there are a number of theories about the origin of black friday, some of them more recent and some of them older. the first is linked to a financial panic caused when investors jay gould and jim fisk decided to buy large quantities of gold to drive up prices and then make incredible profits when they sold. the conspiracy was exposed and the market went into free fall, causing many bankruptcies, on a friday, september 24, 1869.
in the 50s and 60s, the term was used by philadelphia police officers to describe the chaos that ensued the day after thanksgiving. when large crowds descended on the city to watch the annual army-navy game. shopkeepers took advantage of the situation to fill their windows with merchandise and boost business, but the combination of events created a major headache for security forces.
around 1961, an attempt was made to change the name to "big friday" to avoid the negative connotations, but the name didn't catch on. later, in the 1980s, traders began to use the phrase, associating it with the idea that stores that were "red" (making a loss) had the opportunity to reverse the situation by going "black" (making a profit).
this is the meaning we give it today, a concept that has spread all over the world and also spread over time, many brands choose to have a weekend of promotions and some even give a bonus with cyber monday.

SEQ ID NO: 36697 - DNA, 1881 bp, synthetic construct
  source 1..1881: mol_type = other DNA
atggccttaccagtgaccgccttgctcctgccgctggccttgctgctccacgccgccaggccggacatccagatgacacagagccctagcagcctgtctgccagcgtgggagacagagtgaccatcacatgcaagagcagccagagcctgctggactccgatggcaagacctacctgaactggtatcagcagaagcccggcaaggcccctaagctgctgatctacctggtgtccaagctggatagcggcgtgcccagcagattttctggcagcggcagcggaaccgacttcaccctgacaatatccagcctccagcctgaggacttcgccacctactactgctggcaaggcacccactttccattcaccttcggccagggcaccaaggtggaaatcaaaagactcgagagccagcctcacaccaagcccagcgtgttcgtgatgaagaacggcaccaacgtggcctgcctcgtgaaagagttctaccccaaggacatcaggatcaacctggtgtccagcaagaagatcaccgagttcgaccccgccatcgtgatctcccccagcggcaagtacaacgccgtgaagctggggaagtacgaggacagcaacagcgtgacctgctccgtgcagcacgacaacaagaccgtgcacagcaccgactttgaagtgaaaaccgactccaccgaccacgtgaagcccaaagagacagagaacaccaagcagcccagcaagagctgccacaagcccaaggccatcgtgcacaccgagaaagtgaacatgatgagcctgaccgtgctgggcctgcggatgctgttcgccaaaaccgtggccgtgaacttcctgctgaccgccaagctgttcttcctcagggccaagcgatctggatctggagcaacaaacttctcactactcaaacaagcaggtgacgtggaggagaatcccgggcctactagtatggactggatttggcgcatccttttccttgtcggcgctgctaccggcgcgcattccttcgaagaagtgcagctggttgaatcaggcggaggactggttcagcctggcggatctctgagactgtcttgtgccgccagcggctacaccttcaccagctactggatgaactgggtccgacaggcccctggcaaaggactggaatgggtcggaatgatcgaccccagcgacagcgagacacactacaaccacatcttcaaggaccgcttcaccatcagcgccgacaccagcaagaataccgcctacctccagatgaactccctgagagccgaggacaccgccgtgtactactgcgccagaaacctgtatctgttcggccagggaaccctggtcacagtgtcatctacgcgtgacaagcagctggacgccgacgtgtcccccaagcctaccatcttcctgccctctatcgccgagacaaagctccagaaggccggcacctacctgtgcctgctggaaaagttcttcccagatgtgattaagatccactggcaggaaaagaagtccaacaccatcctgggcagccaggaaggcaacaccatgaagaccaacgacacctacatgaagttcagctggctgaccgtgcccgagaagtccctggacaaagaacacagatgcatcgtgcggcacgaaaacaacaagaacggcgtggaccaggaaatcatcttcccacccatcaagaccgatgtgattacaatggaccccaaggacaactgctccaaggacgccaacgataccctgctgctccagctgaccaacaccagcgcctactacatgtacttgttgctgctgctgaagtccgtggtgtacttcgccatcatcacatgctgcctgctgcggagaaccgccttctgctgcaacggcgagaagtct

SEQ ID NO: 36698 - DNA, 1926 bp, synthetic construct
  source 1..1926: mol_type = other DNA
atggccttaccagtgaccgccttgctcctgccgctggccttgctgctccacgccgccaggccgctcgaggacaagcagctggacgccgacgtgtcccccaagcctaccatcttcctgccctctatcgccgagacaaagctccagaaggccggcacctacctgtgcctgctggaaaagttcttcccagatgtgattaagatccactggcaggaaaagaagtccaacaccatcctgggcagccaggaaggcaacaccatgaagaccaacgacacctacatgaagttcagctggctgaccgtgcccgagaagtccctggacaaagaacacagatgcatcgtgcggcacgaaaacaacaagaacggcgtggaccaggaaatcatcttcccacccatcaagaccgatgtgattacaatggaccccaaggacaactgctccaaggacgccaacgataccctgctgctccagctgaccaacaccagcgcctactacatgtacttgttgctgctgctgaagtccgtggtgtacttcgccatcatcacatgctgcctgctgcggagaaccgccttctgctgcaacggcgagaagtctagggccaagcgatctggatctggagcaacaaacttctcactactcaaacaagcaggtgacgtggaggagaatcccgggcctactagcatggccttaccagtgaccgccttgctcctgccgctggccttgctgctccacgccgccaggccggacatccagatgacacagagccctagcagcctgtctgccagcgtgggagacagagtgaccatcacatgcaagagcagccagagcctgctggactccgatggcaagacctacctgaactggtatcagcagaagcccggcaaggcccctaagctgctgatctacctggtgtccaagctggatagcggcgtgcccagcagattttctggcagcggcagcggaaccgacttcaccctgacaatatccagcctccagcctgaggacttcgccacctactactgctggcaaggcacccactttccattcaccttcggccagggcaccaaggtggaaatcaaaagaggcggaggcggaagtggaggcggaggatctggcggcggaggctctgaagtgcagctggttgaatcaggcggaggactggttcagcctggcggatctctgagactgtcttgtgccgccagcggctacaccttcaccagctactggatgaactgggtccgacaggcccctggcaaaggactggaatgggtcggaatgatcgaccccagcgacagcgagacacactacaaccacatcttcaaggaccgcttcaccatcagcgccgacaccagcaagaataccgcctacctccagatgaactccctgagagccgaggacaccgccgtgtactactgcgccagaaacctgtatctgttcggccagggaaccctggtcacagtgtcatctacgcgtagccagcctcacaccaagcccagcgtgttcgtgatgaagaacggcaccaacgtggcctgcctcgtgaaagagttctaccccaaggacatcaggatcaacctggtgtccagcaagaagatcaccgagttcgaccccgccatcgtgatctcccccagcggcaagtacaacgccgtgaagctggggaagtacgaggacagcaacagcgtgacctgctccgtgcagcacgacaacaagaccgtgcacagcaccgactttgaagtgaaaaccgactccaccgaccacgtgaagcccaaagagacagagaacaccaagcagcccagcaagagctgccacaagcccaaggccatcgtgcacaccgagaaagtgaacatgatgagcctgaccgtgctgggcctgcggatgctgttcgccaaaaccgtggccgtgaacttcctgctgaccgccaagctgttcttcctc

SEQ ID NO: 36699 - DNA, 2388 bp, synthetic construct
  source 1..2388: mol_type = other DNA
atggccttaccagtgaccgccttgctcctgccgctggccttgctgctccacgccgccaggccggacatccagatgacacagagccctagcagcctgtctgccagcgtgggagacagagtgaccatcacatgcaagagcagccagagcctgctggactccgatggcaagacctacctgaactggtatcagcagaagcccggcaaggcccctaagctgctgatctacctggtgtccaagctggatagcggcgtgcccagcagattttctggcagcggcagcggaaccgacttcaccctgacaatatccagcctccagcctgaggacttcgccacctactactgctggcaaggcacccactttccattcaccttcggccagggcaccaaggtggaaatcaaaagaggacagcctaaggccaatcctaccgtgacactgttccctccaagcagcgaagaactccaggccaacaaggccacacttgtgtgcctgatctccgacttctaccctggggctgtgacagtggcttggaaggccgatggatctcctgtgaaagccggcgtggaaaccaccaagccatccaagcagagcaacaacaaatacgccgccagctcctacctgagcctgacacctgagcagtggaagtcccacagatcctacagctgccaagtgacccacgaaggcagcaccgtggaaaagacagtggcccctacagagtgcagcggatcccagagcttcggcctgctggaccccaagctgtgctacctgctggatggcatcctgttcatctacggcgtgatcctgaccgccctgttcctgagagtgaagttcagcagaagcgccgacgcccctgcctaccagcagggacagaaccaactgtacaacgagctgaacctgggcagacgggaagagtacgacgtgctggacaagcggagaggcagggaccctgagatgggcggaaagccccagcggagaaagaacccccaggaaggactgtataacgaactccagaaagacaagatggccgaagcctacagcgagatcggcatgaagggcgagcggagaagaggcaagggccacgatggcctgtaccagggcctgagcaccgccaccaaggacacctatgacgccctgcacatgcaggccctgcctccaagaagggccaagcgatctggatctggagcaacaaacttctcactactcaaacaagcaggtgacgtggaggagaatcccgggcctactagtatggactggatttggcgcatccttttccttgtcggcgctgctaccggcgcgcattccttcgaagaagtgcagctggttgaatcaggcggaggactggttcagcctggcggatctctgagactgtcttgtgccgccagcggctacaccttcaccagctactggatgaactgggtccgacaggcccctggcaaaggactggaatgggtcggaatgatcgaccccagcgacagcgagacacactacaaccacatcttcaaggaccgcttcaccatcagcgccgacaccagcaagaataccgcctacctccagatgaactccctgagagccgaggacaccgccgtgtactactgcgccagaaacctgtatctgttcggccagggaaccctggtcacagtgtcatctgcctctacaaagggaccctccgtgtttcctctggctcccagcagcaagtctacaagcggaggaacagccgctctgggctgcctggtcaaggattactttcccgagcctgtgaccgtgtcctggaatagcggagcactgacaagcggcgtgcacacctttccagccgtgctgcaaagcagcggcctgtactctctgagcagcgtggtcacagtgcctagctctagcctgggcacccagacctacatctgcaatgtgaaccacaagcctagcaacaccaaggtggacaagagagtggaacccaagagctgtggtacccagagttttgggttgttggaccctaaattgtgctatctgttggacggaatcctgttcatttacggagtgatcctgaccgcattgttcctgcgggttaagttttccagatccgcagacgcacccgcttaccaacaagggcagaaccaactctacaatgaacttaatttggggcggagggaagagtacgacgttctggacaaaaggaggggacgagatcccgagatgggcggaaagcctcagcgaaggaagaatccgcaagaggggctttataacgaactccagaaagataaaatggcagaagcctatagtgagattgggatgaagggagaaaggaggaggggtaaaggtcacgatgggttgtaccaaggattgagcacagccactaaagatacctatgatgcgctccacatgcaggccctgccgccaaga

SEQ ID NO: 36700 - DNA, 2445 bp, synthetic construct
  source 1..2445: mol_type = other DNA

while this day is a great opportunity for consumers to buy the products they want and for retailers to make a profit, unfortunately, it is also marked by exaggeration and even terrible misfortune. between 2006 and 2018, there have been 11 deaths and 109 injuries related to shopping. endless queues, unbridled and ill-considered purchases, and acts of violence are all unfortunate consequences of an uncontrollable consumerist thirst.
to avoid confusion or scams, the ideal is to be vigilant, because not all deals are good deals. so here are a few tips:
1. create an account with your favorite sites.
2. follow your favorite brands on social media to keep up with their promotions.
3. sign up for newsletters or pre-promotion alerts.
4. make a small list of your favorite and/or needed items and their average prices.
5. create a wish list.
6. compare prices before and after the sale.
7. set a budget on your credit card.
cláudia cavaleiro the editor in chief for CINCO editorial. born in '82 in coimbra, she is graduated in philosophy from the university of coimbra. passionate about books and podcasts in a geek kind of way, she always find something interesting to research. loves to bring awareness to social problems and loves working at CINCO!